Once the inspector establishes a fee for his/her services, he or she needs to present it to their client for approval and acceptance. Unlike a residential inspection, where the inspector typically discusses the fee and schedules the inspection during the initial conversation, in most cases, the fee for a commercial property inspection should be formally proposed during a follow-up call, as a written proposal, or both.
The proposal process is important because the commercial inspector may be dealing with an executive or officer of a company, or with an agent who is part of a large firm. These types of clients are accustomed to a formal process and fielding service proposals and bids.
What Is a Written Proposal?
The written proposal is separate from the inspection agreement. The goal of the written proposal is to establish expectations for the inspection and showcase the inspection company’s value, while the goal of the inspection agreement is protection from liability. Basically, a written proposal is a value proposition.
NOTE: Consider the basic definition of value, which, in this situation, is a fair exchange of services for money. Clients want the greatest value of services for their dollar. Keep this in mind. It is what you need to convey in your written proposal.
The challenge of establishing a fee and creating a proposal is landing the job, plus making a profit. There are untrained inspectors and property management companies dabbling in the CRE market, and their prices may be the ones you’ll be competing against.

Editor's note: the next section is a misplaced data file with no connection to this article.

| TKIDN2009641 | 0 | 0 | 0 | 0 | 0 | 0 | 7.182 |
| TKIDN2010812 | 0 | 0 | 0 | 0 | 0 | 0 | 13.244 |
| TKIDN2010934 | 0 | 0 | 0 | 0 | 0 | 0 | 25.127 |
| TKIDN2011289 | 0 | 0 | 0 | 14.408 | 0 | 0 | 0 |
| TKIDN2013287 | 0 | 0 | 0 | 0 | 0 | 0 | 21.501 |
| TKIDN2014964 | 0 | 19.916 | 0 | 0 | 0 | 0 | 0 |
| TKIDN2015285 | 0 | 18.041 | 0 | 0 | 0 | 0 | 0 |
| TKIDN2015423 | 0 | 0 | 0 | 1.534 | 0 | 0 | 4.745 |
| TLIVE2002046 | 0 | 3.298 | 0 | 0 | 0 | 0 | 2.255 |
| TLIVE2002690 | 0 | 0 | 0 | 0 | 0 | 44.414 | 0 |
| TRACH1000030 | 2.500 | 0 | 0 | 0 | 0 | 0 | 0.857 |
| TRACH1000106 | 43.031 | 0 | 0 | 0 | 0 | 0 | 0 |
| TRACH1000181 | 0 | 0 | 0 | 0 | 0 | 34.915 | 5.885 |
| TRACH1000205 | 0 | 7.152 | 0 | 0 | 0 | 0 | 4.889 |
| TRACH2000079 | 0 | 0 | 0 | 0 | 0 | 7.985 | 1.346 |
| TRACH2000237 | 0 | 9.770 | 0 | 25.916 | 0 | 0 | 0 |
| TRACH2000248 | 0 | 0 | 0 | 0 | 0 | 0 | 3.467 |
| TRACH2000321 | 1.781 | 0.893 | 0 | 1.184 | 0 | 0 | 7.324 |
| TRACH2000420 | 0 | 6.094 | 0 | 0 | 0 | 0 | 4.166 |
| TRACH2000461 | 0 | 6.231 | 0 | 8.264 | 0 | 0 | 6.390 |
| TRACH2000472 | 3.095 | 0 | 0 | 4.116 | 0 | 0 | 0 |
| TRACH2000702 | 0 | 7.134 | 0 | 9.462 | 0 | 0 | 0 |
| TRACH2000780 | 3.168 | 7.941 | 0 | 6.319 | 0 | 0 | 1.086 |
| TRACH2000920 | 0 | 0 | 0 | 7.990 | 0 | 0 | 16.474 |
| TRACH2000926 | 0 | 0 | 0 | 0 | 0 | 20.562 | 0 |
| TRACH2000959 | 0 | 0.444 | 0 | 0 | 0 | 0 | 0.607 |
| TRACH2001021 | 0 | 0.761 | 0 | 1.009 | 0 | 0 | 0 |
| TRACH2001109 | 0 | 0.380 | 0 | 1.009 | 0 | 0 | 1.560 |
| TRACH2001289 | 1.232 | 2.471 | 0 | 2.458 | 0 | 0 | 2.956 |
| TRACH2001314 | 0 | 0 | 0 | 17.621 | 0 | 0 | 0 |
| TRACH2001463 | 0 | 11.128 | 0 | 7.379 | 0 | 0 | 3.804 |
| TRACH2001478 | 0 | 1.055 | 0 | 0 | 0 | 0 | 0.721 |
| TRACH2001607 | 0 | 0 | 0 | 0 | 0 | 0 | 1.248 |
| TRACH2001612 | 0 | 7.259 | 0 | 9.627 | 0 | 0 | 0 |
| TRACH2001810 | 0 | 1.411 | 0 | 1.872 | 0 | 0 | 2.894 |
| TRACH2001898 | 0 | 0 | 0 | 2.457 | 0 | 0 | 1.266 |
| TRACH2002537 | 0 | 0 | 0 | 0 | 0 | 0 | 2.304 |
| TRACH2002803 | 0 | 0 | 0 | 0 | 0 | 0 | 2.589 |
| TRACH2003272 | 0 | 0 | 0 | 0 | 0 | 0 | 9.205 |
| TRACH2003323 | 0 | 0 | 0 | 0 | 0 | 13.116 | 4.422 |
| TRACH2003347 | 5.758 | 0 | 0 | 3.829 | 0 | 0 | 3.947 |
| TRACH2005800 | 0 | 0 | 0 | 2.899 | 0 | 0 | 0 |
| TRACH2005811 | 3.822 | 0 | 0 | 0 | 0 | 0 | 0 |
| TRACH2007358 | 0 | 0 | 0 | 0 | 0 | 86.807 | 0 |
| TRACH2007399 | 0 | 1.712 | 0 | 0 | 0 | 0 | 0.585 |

On other occasions, the client may be keener to call upon their tradesman (electrician, plumber, HVAC consultant, etc.) to perform an informal walk-through with them. If you were formerly a specialized tradesman, then you may be familiar with this.
If you choose to be aggressive in the commercial property inspection market, your company should have policies and procedures in place for quoting jobs to ensure professionalism, including conveying the reasons that the prospective client should hire you. This is why many projects should not be immediately quoted over the phone but followed up with a formal, written proposal.
Based on the inspector’s ingenuity, a written proposal is a way to differentiate oneself and competitively bid projects, especially if the particular client is accustomed to a proposal-driven selection process.